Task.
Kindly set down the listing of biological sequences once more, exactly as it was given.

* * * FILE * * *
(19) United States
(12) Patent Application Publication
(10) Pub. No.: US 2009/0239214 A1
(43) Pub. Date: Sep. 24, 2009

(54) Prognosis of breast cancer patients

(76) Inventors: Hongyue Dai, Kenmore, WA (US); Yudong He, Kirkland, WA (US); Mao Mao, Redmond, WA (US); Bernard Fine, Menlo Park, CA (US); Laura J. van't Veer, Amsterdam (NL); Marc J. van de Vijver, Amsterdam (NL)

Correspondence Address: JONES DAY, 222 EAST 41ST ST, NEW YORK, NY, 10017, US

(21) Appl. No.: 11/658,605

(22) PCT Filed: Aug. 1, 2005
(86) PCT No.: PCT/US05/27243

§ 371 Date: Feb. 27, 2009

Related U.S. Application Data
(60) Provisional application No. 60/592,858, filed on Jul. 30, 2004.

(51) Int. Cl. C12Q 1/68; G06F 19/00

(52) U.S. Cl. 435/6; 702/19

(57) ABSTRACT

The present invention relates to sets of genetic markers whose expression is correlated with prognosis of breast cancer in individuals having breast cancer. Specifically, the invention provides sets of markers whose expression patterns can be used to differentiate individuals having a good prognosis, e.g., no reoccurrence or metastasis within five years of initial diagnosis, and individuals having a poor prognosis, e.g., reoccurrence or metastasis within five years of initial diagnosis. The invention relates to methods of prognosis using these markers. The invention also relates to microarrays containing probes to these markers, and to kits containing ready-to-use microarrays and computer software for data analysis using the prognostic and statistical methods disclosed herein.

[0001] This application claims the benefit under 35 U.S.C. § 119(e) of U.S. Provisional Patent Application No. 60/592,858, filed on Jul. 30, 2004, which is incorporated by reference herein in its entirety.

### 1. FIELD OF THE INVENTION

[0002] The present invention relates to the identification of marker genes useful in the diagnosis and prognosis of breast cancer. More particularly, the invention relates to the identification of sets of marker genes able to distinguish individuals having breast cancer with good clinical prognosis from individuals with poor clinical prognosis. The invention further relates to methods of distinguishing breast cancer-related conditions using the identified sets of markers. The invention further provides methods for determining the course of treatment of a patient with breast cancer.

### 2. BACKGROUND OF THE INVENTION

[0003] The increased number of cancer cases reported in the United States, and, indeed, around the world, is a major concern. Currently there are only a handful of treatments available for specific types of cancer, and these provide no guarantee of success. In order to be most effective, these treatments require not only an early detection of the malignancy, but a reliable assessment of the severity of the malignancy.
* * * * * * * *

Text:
(19) United States
(12) Patent Application Publication
(10) Pub. No.: US 2009/0239214 A1
(43) Pub. Date: Sep. 24, 2009

(54) Prognosis of breast cancer patients

(76) Inventors: Hongyue Dai, Kenmore, WA (US); Yudong He, Kirkland, WA (US); Mao Mao, Redmond, WA (US); Bernard Fine, Menlo Park, CA (US); Laura J. van't Veer, Amsterdam (NL); Marc J. van de Vijver, Amsterdam (NL)

Correspondence Address: JONES DAY, 222 EAST 41ST ST, NEW YORK, NY, 10017, US

(21) Appl. No.: 11/658,605

(22) PCT Filed: Aug. 1, 2005
(86) PCT No.: PCT/US05/27243

§ 371 Date: Feb. 27, 2009

Related U.S. Application Data
(60) Provisional application No. 60/592,858, filed on Jul. 30, 2004.

(51) Int. Cl. C12Q 1/68; G06F 19/00

(52) U.S. Cl. 435/6; 702/19

(57) ABSTRACT

The present invention relates to sets of genetic markers whose expression is correlated with prognosis of breast cancer in individuals having breast cancer. Specifically, the invention provides sets of markers whose expression patterns can be used to differentiate individuals having a good prognosis, e.g., no reoccurrence or metastasis within five years of initial diagnosis, and individuals having a poor prognosis, e.g., reoccurrence or metastasis within five years of initial diagnosis. The invention relates to methods of prognosis using these markers. The invention also relates to microarrays containing probes to these markers, and to kits containing ready-to-use microarrays and computer software for data analysis using the prognostic and statistical methods disclosed herein.

[0001] This application claims the benefit under 35 U.S.C. § 119(e) of U.S. Provisional Patent Application No. 60/592,858, filed on Jul. 30, 2004, which is incorporated by reference herein in its entirety.

### 1. FIELD OF THE INVENTION

[0002] The present invention relates to the identification of marker genes useful in the diagnosis and prognosis of breast cancer. More particularly, the invention relates to the identification of sets of marker genes able to distinguish individuals having breast cancer with good clinical prognosis from individuals with poor clinical prognosis. The invention further relates to methods of distinguishing breast cancer-related conditions using the identified sets of markers. The invention further provides methods for determining the course of treatment of a patient with breast cancer.

### 2. BACKGROUND OF THE INVENTION

[0003] The increased number of cancer cases reported in the United States, and, indeed, around the world, is a major concern. Currently there are only a handful of treatments available for specific types of cancer, and these provide no guarantee of success. In order to be most effective, these treatments require not only an early detection of the malignancy, but a reliable assessment of the severity of the malignancy.